Liz Magor was born in Winnipeg, Manitoba, Canada in 1948. She makes uncannily realistic casts of humble objects—garments, cardboard boxes, ashtrays—that speak to mortality and local histories. Magor’s delicate copies are often combined with found ephemera, whether tiny vices—such as cigarettes, candy, and alcohol—animals in the form of taxidermied birds and stuffed toy dogs, or small mementos given to her by friends or scavenged from the limbo of thrift stores.
Social narratives of how things in the world are created, enter our lives, and depart to the junk heap as part of a vast human waste stream are folded together with personal anxieties and small worries, such as the desire to afford nice things, to mend what’s broken, and to preserve order against inevitable entropy.
The visual doubletake in Magor’s work—of things appearing one way but being quite another—are on dramatic display in the artist’s large-scale public projects where an architectural column resembles a towering Douglas fir trees and a rickety clapboard shack from a bygone era is carefully remade in cast aluminum. By resurrecting uncared for items and moments from the recent past, Magor preserves faint whispers of life in artworks that function as fossils do—exacting copies of existence.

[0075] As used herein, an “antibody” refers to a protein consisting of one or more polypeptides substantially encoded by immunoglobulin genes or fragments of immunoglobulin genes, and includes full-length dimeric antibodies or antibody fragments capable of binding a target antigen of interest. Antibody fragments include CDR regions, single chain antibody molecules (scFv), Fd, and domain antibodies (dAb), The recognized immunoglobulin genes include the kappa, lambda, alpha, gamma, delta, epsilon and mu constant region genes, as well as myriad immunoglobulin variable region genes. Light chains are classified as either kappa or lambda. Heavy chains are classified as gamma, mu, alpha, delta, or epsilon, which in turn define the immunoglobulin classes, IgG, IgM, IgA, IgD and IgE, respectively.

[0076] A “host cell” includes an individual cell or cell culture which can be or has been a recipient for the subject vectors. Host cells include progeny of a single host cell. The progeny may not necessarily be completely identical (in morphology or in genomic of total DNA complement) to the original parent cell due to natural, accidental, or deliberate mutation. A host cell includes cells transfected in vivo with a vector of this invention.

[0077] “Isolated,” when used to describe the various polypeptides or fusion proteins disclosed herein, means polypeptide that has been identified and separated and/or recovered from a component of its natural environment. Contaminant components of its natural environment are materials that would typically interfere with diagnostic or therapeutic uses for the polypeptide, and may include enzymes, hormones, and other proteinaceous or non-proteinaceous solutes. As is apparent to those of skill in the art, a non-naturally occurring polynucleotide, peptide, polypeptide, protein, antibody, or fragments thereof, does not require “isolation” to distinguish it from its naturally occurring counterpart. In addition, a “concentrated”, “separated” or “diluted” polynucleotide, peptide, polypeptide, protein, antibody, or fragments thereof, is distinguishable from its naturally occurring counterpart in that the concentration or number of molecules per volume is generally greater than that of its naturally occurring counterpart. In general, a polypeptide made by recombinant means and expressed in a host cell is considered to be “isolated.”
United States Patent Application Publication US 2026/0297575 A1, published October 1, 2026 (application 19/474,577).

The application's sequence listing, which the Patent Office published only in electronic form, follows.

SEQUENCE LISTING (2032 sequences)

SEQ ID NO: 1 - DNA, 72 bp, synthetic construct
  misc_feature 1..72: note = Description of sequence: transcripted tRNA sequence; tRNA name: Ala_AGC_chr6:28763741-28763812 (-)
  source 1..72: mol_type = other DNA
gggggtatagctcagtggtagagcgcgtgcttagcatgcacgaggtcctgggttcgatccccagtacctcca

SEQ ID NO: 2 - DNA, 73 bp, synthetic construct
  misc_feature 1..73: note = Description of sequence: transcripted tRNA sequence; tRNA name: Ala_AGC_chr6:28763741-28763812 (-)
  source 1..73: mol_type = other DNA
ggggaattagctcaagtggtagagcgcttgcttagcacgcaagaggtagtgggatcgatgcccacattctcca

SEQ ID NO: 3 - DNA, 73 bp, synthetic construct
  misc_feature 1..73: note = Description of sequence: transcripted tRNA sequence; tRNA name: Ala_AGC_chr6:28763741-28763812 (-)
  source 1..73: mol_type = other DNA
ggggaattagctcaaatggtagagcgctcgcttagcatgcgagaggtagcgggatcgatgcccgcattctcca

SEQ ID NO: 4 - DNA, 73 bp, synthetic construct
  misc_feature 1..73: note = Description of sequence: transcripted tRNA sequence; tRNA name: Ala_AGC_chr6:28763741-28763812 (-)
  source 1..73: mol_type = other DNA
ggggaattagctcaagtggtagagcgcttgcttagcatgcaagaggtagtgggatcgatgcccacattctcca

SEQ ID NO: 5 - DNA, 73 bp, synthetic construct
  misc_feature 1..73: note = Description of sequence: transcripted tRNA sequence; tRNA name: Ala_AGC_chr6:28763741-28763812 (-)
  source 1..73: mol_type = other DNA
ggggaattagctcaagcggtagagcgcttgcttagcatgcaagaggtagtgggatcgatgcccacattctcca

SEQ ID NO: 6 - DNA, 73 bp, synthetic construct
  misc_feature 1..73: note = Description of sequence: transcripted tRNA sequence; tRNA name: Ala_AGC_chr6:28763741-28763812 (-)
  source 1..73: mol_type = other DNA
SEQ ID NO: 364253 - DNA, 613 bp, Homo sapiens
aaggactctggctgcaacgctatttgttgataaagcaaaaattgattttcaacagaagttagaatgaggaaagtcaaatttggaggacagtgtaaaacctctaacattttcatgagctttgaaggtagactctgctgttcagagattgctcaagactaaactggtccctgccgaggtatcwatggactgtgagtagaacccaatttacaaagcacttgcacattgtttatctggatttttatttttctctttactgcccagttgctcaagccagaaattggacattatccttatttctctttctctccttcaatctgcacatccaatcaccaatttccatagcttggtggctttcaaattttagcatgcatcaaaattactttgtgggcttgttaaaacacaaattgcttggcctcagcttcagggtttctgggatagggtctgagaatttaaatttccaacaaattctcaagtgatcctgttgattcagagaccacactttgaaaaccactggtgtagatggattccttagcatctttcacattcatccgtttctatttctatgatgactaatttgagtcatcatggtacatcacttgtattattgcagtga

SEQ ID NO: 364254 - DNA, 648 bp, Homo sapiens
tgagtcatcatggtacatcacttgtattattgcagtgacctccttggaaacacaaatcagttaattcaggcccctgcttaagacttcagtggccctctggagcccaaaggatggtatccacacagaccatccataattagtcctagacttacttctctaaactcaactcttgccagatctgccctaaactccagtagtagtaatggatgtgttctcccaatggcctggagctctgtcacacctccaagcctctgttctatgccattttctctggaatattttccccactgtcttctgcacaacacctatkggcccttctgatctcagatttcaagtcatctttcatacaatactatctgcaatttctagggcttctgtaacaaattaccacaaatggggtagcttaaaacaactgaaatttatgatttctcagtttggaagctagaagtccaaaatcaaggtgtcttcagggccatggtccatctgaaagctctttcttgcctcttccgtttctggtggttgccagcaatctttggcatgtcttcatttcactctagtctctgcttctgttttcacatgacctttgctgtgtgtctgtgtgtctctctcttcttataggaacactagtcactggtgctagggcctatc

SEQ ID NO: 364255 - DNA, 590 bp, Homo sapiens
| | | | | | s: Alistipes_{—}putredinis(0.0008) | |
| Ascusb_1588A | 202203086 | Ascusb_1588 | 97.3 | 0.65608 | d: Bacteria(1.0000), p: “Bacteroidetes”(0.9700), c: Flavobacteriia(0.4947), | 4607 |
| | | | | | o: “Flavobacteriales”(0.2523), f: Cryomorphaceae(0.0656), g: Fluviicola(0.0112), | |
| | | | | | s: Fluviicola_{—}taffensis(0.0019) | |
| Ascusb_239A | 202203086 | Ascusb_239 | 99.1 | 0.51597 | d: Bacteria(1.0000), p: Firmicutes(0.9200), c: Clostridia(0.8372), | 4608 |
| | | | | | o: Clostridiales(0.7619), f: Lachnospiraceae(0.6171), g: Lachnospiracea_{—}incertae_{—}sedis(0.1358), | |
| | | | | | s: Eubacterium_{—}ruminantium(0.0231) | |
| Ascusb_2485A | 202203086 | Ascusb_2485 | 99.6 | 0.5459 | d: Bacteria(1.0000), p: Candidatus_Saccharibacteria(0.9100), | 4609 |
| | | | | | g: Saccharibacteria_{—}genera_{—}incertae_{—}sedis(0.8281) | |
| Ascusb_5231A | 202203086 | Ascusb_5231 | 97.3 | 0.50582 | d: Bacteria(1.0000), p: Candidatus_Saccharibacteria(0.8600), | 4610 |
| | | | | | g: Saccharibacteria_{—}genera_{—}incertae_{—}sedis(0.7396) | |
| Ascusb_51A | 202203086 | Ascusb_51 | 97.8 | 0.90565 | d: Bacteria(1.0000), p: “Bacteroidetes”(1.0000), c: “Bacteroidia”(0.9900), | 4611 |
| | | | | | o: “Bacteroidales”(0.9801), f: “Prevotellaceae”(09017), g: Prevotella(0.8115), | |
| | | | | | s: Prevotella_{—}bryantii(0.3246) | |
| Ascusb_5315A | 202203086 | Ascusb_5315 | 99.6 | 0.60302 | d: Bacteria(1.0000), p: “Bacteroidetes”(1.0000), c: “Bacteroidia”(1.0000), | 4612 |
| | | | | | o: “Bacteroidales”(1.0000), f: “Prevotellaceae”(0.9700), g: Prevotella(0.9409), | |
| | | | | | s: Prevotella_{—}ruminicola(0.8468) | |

Liz Magor attended the Vancouver School of Art (1970-71), Parsons School of Design (1968-70), and the University of British Columbia, Vancouver (1966-68). Magor’s awards and residencies include the Vancouver Mayor’s Art Award for Public Art (2015), Gershon Iskowtiz Prize (2015), Audain Prize for Lifetime Achievement in the Visual Arts (2009), Governor General’s Visual Arts Award (2001), and the York Wilson Endowment Award (2000). Magor has had major exhibitions at Musée d’art contemporain de Montréal (2016); Art Gallery of Ontario (2015); Peephole, Milan (2015); Presentation House Gallery, Vancouver (2014); Triangle, Marseille (2013); Henry Art Gallery, Seattle (2008); The Power Plant, Toronto (2003); Vancouver Art Gallery (2002); Documenta (1987); and the Venice Biennale (1984), among others. Liz Magor lives and works in Vancouver, BC, Canada.
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